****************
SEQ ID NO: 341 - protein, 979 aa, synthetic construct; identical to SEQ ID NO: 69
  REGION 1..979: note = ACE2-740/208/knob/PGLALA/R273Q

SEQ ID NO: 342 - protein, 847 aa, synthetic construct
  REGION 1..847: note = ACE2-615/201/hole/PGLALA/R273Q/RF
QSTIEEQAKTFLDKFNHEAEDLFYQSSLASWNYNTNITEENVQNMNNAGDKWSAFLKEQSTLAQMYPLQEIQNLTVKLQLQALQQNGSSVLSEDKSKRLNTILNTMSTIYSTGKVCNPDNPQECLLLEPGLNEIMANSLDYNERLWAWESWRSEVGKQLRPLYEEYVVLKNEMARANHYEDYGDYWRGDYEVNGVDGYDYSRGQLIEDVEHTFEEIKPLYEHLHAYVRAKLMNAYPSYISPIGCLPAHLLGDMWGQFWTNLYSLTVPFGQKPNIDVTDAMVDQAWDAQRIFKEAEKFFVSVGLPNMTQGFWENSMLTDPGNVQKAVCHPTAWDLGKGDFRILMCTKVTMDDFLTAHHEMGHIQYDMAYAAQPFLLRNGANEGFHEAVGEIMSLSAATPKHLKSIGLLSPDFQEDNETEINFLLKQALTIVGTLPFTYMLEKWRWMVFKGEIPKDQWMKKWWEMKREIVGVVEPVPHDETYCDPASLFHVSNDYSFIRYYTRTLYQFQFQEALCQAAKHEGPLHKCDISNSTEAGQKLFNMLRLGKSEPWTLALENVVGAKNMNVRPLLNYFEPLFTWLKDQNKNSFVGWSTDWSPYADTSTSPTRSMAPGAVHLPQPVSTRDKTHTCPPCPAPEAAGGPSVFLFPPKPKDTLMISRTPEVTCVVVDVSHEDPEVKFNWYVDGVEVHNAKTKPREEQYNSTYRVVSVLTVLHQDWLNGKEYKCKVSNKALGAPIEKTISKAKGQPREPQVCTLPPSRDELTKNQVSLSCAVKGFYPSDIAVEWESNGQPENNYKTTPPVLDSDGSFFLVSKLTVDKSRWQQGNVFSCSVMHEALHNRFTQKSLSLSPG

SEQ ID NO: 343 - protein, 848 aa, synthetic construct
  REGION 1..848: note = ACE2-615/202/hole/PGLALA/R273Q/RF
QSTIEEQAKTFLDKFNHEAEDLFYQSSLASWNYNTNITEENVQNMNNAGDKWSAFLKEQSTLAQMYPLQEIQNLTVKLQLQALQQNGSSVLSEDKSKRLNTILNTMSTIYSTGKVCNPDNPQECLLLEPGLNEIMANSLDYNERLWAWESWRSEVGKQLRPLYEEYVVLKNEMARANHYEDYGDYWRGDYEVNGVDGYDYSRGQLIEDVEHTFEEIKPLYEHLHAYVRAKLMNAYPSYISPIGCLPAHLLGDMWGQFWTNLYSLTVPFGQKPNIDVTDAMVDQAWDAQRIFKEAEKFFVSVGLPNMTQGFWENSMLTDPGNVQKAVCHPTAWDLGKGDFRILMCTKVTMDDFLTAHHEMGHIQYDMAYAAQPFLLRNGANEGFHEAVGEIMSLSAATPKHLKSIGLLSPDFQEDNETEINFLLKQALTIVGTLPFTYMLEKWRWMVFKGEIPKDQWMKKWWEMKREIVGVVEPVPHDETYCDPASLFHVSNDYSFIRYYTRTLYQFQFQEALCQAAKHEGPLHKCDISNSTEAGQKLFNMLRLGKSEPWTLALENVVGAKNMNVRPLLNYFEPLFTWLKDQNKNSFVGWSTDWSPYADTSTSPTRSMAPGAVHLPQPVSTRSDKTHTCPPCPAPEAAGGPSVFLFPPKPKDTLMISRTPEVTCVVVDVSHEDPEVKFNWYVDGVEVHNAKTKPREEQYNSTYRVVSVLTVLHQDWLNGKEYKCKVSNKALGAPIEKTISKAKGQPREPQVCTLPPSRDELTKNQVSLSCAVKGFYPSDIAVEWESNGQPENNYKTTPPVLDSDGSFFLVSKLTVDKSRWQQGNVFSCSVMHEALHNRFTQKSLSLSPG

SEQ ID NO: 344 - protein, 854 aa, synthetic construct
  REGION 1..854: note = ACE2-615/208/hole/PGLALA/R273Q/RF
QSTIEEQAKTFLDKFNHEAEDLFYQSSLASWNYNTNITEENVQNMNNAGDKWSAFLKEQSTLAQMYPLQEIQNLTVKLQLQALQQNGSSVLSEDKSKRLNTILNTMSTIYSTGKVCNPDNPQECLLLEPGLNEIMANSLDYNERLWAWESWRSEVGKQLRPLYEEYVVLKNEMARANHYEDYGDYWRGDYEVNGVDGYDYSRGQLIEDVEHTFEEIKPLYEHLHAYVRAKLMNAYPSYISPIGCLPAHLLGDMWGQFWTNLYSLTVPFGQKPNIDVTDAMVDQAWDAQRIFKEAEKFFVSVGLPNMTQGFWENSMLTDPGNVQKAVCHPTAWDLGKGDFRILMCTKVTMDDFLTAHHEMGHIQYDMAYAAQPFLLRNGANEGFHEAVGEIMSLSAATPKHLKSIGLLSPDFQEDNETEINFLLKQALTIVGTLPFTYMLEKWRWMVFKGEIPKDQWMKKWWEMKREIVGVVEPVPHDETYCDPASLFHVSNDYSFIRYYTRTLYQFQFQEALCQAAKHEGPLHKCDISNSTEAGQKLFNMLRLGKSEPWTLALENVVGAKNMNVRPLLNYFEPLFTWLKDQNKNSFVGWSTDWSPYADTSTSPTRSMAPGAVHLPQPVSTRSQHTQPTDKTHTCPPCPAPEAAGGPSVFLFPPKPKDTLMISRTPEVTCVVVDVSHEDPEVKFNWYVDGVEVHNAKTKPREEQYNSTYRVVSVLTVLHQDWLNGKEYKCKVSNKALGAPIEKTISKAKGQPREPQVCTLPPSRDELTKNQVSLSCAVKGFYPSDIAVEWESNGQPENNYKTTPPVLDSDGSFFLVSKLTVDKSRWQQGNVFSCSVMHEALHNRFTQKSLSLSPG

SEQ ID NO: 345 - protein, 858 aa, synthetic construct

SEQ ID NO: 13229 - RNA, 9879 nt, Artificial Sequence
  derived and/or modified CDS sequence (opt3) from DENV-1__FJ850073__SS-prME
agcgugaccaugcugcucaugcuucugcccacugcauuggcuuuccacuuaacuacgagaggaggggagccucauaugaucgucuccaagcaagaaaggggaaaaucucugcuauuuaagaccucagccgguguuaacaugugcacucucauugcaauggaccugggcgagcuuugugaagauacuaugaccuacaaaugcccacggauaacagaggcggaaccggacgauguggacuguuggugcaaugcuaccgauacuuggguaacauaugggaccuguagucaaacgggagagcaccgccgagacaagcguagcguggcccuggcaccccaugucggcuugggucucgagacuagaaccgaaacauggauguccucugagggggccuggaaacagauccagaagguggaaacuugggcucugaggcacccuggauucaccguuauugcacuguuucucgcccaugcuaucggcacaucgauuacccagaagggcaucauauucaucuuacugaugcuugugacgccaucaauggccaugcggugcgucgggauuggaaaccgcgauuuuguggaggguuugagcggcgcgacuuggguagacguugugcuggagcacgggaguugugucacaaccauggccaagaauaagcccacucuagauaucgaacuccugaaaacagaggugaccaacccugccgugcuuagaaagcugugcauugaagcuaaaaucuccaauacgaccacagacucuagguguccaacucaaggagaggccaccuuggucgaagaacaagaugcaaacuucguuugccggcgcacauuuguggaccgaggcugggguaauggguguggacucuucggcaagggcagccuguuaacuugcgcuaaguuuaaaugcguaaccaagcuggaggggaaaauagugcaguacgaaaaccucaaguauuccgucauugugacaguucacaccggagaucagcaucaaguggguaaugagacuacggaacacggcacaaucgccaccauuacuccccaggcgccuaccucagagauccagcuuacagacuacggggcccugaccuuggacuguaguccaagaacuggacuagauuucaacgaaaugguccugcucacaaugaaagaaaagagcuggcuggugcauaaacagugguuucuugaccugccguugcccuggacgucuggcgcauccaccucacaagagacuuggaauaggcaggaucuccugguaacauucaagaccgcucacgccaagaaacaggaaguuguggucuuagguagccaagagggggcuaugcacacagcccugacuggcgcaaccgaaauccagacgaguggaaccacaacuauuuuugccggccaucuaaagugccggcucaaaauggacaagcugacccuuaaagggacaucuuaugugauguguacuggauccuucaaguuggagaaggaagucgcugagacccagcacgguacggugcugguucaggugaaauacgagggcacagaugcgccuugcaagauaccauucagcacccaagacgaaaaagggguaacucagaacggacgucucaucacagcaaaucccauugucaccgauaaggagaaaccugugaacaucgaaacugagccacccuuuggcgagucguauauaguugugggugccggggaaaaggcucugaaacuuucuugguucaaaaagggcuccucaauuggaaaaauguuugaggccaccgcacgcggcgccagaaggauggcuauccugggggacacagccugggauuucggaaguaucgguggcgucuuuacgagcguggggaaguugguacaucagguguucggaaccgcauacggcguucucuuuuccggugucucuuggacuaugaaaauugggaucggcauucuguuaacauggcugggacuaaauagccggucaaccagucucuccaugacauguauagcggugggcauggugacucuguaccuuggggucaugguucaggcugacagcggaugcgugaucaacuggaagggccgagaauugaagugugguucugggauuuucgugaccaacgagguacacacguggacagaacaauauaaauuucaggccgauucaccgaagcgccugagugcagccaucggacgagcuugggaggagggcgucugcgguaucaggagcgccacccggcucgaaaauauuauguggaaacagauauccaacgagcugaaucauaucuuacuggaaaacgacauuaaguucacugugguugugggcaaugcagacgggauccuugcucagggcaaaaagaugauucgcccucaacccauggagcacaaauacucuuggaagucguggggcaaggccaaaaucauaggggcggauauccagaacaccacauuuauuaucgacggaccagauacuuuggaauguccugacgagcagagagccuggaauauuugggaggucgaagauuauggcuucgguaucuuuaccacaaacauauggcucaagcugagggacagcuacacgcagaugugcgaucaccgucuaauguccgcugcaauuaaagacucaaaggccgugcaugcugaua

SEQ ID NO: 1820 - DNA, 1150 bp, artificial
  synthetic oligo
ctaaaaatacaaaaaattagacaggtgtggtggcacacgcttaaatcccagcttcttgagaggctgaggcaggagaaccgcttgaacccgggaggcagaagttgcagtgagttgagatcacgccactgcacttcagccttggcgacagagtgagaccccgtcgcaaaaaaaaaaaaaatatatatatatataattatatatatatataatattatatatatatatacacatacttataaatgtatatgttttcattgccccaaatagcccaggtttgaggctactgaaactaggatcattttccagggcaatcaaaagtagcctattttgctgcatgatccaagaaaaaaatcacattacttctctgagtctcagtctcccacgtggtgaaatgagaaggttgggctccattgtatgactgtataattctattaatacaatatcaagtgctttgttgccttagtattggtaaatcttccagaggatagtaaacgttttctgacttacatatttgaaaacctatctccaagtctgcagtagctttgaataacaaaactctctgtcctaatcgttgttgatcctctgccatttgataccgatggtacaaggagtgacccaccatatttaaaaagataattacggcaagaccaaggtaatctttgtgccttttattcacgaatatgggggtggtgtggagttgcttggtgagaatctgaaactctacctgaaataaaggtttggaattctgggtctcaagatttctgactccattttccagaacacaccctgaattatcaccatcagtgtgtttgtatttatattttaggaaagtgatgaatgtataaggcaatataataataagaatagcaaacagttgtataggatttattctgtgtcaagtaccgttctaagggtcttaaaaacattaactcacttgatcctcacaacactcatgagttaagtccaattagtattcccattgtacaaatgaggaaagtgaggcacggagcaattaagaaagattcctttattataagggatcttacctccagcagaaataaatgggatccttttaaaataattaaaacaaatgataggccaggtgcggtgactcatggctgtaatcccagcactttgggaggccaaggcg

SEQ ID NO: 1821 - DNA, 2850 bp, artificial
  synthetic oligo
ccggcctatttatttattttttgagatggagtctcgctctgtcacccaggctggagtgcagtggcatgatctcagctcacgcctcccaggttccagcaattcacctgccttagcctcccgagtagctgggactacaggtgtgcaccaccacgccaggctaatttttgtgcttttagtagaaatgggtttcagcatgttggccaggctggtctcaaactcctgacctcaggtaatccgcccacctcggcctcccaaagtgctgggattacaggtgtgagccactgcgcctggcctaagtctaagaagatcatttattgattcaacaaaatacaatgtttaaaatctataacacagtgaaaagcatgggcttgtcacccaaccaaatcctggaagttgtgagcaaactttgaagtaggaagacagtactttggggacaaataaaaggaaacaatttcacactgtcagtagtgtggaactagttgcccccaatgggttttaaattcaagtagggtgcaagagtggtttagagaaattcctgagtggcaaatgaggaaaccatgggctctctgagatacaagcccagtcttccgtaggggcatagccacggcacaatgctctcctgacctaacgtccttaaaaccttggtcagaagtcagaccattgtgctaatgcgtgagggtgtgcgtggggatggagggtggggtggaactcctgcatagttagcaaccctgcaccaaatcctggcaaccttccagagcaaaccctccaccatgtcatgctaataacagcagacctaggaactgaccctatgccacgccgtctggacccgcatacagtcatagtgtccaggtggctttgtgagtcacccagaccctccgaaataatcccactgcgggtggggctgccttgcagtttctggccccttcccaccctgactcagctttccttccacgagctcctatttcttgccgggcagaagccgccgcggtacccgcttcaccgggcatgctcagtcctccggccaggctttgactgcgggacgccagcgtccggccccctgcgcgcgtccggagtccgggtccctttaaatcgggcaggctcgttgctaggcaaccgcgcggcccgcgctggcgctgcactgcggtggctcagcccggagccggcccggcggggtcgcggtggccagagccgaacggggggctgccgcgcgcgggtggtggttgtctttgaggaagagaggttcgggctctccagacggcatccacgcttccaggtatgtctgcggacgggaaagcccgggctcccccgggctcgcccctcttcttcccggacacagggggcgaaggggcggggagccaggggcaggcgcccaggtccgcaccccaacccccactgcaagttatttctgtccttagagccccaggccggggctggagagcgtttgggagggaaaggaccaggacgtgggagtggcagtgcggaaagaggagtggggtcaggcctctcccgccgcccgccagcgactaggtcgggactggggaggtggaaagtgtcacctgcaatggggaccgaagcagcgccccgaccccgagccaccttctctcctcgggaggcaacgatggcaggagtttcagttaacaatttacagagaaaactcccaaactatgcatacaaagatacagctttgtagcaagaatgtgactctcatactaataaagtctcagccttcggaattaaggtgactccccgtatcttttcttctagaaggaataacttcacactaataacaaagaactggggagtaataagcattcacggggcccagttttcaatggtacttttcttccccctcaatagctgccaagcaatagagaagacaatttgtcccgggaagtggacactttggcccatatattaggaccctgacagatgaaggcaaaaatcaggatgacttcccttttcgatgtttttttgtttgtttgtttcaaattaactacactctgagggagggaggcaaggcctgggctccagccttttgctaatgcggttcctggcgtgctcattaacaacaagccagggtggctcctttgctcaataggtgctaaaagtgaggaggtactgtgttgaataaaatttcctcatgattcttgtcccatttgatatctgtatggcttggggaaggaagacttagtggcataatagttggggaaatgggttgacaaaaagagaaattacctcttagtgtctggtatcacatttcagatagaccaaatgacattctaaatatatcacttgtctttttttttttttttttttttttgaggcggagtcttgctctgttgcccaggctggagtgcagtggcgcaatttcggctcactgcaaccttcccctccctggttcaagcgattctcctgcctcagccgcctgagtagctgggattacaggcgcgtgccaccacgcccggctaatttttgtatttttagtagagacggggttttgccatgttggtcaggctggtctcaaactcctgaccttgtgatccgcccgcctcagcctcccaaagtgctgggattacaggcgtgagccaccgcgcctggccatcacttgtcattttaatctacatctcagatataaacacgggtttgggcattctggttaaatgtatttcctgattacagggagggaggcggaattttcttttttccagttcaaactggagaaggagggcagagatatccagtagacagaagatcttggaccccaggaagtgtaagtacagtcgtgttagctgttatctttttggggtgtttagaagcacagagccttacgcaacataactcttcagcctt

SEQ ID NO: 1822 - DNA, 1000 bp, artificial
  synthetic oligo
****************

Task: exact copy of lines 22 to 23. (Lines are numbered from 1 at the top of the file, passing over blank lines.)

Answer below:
SEQ ID NO: 1822 - DNA, 1000 bp, artificial
  synthetic oligo